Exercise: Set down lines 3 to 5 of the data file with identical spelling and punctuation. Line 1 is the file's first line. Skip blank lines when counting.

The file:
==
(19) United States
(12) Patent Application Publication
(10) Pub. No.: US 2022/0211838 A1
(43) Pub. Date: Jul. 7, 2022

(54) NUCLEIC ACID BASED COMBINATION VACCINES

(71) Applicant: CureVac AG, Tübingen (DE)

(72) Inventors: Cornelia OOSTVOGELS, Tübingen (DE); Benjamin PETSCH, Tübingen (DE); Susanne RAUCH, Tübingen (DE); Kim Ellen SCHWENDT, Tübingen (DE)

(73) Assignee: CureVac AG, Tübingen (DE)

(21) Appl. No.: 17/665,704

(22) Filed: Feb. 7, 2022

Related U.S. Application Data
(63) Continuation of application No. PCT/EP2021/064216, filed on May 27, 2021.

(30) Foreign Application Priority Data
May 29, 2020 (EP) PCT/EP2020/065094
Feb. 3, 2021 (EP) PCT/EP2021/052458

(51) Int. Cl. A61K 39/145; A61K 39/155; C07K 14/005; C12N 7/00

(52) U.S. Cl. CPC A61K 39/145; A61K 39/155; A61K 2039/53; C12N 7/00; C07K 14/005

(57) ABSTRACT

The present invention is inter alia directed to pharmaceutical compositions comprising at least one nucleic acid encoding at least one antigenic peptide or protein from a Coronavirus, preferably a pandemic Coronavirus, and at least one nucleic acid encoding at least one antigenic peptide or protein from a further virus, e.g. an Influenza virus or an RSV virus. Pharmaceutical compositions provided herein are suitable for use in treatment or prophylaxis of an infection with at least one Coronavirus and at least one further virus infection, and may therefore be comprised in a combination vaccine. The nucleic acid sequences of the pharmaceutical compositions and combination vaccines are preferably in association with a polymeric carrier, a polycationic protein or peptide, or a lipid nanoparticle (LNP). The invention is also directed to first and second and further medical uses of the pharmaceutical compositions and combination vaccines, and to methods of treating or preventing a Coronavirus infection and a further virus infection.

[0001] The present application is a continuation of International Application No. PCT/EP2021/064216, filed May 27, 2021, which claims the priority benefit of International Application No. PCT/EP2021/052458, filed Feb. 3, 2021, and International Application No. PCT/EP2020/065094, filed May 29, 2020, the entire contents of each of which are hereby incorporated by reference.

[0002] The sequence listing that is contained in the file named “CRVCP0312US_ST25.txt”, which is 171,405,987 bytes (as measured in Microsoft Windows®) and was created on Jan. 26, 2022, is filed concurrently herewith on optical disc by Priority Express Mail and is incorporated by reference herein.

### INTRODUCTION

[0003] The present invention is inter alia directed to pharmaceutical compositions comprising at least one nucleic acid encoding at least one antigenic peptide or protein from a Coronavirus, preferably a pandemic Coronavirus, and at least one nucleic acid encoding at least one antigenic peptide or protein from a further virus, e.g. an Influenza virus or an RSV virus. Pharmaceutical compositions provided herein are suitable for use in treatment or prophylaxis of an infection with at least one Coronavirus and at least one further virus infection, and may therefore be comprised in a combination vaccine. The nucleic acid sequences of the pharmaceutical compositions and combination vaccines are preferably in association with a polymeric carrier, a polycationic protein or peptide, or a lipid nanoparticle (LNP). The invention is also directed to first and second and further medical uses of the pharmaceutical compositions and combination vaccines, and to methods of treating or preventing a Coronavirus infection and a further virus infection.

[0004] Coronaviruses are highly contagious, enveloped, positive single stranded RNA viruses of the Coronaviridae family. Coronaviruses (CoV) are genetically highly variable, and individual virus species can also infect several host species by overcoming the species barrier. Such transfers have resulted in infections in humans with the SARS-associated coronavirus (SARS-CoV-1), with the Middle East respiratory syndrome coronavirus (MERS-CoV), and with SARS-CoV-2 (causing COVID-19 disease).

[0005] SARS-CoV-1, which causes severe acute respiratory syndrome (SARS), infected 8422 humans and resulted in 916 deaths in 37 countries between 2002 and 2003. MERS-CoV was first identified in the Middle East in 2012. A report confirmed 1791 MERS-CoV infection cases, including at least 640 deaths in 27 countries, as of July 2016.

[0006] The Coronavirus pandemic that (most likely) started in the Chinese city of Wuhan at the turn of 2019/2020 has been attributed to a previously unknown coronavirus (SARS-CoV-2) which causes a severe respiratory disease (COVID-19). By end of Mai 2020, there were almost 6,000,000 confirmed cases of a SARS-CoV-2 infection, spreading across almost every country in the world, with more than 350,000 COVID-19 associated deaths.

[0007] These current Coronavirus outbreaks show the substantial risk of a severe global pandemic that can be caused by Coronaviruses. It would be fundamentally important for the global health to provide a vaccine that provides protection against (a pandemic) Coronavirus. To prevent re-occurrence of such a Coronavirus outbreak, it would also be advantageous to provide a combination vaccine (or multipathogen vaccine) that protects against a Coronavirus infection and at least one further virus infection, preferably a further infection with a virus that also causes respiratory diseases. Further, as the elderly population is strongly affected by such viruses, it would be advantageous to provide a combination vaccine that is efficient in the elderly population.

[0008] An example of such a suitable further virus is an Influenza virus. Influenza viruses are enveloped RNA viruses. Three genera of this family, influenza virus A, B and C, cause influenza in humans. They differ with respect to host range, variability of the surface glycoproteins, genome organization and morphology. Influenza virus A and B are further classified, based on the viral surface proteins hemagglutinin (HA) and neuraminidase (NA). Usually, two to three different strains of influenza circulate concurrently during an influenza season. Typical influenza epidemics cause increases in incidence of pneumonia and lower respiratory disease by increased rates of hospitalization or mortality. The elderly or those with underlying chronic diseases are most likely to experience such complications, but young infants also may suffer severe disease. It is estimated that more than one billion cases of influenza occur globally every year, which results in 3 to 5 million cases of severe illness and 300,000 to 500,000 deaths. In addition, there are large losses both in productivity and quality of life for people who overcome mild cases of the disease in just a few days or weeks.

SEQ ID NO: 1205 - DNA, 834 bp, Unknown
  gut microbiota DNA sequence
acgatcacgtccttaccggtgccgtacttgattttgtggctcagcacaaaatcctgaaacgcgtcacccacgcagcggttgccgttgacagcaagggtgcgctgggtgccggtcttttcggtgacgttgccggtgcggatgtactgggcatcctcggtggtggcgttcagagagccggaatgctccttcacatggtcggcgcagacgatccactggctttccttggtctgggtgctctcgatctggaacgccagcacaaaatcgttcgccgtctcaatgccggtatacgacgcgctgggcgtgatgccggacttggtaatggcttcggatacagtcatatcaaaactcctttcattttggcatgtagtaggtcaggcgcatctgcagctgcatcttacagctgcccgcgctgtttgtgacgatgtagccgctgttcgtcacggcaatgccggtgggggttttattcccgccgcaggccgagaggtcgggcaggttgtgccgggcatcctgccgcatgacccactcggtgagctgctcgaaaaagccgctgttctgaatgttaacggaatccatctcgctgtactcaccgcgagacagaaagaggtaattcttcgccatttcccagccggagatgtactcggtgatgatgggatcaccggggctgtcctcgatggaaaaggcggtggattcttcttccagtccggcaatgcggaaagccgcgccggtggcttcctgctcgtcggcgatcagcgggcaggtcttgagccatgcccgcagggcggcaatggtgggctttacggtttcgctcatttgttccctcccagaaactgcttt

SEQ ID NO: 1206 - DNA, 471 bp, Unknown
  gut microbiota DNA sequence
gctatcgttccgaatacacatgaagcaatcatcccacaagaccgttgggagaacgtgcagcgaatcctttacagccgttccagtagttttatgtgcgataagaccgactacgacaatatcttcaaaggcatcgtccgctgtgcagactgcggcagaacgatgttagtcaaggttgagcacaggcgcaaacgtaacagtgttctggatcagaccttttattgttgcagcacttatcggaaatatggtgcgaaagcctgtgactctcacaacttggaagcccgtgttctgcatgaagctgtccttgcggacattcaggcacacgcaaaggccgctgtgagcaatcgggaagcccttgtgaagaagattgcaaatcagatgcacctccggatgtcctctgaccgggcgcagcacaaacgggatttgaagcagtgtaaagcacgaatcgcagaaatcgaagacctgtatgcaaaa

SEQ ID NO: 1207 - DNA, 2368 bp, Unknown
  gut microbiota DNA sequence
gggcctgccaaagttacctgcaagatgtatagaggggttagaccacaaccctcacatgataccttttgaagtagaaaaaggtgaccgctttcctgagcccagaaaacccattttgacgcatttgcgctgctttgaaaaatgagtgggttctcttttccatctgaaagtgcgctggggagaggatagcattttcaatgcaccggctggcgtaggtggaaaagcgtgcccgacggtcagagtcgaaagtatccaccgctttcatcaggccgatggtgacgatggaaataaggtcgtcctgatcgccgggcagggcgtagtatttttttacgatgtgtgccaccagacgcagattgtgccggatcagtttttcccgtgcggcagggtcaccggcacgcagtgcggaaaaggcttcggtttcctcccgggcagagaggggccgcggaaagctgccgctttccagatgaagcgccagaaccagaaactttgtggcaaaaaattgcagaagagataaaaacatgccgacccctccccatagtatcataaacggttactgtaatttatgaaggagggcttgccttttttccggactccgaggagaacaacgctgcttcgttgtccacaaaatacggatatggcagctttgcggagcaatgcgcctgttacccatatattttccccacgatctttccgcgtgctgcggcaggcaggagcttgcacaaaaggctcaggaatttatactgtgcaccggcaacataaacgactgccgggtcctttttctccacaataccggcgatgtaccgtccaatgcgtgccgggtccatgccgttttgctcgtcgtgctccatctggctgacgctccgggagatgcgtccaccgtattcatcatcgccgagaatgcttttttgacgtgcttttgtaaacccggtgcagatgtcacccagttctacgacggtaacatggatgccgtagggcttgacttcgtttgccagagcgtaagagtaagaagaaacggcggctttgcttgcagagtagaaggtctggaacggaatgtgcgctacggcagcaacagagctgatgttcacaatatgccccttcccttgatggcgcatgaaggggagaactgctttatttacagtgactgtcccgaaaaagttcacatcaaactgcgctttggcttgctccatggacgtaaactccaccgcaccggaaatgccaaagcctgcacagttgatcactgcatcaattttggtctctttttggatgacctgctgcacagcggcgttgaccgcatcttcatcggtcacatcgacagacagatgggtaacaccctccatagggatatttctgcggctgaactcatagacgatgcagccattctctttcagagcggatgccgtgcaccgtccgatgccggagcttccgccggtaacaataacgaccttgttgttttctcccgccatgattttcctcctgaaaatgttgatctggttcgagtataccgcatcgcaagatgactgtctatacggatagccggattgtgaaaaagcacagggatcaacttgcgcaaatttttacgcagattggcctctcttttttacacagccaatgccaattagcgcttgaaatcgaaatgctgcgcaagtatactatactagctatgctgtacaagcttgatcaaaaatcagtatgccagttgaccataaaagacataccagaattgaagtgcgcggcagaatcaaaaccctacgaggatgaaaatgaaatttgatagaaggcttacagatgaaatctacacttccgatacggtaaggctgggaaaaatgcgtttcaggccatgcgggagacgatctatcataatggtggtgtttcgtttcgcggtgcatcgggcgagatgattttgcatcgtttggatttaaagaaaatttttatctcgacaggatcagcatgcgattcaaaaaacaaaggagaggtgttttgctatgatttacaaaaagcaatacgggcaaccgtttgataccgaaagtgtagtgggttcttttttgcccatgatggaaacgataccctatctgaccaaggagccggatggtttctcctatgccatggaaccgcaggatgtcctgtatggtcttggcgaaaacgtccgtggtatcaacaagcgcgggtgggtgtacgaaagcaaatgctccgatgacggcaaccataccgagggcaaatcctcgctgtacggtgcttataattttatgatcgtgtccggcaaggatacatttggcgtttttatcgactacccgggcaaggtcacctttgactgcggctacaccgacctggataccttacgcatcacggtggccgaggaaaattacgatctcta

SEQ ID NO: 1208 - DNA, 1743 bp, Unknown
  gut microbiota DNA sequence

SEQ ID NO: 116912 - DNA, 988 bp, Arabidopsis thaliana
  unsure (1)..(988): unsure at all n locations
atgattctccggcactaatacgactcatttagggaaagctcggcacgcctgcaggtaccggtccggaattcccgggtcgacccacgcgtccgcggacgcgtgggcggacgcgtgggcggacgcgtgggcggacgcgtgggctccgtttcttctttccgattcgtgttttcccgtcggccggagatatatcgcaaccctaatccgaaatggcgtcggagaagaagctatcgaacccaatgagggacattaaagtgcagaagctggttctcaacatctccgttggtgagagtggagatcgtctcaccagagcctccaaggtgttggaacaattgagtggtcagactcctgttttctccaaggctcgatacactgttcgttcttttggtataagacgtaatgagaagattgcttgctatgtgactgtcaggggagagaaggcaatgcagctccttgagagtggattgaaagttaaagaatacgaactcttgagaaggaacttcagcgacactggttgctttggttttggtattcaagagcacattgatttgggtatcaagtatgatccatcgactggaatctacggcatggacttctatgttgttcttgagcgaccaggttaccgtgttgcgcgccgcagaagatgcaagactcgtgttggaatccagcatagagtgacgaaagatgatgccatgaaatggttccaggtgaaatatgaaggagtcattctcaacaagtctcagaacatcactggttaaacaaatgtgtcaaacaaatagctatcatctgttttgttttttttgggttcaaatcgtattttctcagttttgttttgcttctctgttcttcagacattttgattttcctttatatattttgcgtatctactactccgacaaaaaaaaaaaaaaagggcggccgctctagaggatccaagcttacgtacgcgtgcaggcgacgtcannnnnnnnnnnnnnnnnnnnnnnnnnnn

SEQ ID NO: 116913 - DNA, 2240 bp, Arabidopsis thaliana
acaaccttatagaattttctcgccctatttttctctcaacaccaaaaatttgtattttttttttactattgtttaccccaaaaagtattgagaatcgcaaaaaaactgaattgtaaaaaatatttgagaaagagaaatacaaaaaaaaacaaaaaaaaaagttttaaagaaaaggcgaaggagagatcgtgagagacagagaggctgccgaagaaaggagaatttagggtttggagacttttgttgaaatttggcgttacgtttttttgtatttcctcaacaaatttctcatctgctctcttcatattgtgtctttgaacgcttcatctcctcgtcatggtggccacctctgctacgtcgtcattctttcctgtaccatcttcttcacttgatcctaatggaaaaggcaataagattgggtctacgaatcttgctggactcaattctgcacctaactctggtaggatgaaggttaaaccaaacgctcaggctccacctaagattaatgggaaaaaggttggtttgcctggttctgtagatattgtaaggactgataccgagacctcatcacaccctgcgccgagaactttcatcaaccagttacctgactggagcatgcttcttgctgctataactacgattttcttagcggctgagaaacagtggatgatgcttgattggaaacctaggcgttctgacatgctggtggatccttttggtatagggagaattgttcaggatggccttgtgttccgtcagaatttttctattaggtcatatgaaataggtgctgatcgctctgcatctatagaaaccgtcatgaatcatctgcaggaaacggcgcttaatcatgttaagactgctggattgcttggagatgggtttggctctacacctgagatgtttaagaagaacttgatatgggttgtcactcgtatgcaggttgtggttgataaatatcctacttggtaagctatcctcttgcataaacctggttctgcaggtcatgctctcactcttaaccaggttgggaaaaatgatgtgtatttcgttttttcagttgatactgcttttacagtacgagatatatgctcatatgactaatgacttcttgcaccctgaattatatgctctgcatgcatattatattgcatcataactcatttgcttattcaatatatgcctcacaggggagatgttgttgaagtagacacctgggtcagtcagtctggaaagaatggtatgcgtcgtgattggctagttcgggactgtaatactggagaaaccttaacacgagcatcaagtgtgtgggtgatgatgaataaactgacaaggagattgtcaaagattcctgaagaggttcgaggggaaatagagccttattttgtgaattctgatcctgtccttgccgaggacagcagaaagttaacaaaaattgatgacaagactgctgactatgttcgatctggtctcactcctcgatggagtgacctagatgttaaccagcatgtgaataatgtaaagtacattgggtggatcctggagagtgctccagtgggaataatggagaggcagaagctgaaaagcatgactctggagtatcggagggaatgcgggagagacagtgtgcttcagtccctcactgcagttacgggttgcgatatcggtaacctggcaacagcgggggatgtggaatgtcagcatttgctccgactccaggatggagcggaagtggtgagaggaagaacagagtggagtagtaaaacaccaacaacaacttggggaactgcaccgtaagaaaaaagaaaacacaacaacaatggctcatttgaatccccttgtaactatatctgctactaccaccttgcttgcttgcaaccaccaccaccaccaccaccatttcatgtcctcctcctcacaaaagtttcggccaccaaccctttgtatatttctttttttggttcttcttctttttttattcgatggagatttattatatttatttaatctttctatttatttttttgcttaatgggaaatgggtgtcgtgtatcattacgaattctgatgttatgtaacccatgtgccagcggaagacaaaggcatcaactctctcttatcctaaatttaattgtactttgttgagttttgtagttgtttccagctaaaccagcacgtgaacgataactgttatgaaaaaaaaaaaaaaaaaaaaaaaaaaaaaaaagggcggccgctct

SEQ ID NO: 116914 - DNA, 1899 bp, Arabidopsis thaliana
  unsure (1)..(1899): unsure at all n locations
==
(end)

(10) Pub. No.: US 2022/0211838 A1
(43) Pub. Date: Jul. 7, 2022

(54) NUCLEIC ACID BASED COMBINATION VACCINES